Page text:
The origin of the names Beguine and Beghard has been the subject of much controversy.
The Beguine communities were fruitful soil for the missionary enterprise of the friars, and in the course of the 13th century the communities in France, Germany and upper Italy had fallen under the influence of the Dominicans and Franciscans to such an extent that in the Latin-speaking countries the tertiaries of these orders were commonly called beguini and beguinae.
The very looseness of their organization, indeed, made it inevitable that the Beguine associations should follow very diverse developments.
The earliest Flemish Beghard communities were associations mainly of artisans who earned ' In the year 1287 the council of Liege decreed that "all Beguinae desiring to enjoy the Beguine privileges shall enter a Beguinage, and we order that all who remain outside the Beguinage shall wear a dress to distinguish them from the Beguinae."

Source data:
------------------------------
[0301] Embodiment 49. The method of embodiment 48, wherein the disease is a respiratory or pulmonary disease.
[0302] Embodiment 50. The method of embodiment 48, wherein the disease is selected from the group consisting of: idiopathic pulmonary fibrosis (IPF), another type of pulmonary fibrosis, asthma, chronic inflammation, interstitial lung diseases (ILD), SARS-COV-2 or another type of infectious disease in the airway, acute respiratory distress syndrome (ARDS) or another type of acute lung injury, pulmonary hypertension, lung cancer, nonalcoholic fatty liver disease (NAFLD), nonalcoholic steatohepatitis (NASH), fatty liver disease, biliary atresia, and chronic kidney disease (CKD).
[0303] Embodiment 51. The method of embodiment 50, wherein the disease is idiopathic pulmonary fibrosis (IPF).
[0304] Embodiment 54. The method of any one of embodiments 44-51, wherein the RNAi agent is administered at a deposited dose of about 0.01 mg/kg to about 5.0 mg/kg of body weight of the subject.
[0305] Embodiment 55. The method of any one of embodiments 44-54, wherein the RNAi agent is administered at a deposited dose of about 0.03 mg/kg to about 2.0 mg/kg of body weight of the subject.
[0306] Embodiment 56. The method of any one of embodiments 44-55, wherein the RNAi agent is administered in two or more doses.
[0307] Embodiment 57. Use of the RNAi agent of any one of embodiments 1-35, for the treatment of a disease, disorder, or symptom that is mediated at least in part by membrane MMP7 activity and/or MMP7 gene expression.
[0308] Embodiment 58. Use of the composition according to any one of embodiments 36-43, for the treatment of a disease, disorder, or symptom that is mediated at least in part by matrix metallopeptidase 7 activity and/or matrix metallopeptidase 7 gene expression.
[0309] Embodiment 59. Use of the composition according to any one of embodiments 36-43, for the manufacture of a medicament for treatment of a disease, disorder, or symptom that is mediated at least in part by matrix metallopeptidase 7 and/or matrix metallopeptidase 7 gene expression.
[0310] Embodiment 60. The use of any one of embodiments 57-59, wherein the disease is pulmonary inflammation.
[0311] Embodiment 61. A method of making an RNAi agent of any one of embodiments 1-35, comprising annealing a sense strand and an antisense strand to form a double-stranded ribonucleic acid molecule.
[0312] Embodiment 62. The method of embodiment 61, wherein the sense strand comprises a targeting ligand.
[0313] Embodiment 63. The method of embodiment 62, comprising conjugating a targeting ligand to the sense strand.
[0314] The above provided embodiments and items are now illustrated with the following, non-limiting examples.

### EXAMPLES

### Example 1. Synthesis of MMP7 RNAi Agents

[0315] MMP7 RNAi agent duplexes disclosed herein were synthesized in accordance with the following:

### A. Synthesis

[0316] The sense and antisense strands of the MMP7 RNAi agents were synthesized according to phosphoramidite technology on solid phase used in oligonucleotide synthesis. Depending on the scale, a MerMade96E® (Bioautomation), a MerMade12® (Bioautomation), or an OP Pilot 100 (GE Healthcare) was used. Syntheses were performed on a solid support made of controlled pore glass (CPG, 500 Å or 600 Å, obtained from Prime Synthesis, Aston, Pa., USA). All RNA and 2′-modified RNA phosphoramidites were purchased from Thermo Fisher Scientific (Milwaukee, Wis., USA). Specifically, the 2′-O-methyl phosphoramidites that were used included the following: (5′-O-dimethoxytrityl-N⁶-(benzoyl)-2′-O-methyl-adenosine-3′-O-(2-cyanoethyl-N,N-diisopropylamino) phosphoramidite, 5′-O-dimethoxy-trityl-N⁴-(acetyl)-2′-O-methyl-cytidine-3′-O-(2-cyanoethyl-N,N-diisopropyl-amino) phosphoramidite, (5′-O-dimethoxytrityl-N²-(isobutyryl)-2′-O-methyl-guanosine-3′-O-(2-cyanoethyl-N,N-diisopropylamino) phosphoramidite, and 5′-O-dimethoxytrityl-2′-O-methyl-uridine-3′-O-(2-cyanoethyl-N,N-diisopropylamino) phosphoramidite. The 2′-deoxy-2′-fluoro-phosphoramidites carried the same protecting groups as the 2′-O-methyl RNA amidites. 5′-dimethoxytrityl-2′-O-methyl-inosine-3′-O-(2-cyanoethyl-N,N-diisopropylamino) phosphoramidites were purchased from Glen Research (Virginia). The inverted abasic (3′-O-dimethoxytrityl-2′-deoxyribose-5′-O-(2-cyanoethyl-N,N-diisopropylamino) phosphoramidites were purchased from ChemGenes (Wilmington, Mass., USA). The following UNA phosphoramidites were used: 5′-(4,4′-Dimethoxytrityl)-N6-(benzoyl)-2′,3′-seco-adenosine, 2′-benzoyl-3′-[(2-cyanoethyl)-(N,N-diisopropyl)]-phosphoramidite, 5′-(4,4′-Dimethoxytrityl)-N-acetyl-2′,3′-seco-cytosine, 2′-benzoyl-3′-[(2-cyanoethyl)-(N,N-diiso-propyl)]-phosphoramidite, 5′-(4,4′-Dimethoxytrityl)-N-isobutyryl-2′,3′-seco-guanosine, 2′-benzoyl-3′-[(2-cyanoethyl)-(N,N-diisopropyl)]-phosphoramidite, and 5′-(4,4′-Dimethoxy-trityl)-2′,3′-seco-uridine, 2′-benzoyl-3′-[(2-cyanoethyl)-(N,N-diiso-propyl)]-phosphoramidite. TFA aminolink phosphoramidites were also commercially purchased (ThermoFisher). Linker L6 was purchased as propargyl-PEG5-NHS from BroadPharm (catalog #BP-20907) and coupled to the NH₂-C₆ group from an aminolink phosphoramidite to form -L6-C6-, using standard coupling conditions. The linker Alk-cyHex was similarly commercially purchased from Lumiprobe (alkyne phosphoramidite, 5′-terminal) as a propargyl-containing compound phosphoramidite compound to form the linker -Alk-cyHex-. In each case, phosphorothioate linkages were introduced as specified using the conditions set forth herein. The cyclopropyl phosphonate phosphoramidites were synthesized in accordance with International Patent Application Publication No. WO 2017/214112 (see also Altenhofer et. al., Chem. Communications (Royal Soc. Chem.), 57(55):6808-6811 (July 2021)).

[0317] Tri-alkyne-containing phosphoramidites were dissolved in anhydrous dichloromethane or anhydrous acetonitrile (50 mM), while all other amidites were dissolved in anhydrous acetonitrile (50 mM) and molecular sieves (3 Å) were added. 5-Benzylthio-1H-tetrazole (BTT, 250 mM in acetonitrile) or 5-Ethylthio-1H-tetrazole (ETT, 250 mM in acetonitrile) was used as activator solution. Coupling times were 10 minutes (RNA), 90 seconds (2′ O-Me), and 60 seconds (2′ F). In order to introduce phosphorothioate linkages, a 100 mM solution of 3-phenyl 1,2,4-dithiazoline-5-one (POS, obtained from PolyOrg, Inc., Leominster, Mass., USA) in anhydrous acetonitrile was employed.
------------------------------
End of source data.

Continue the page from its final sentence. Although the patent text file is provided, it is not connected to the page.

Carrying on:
The decrees were put into execution by Pope John XXII., and a persecution raged in which, though the pope expressly protected the female Beguine communities of the Netherlands, there was little discrimination between the orthodox and unorthodox Beguines.
This led to the utmost confusion, the laity in many cases taking the part of the Beguine communities, and the Church being thus brought into conflict with the secular authorities.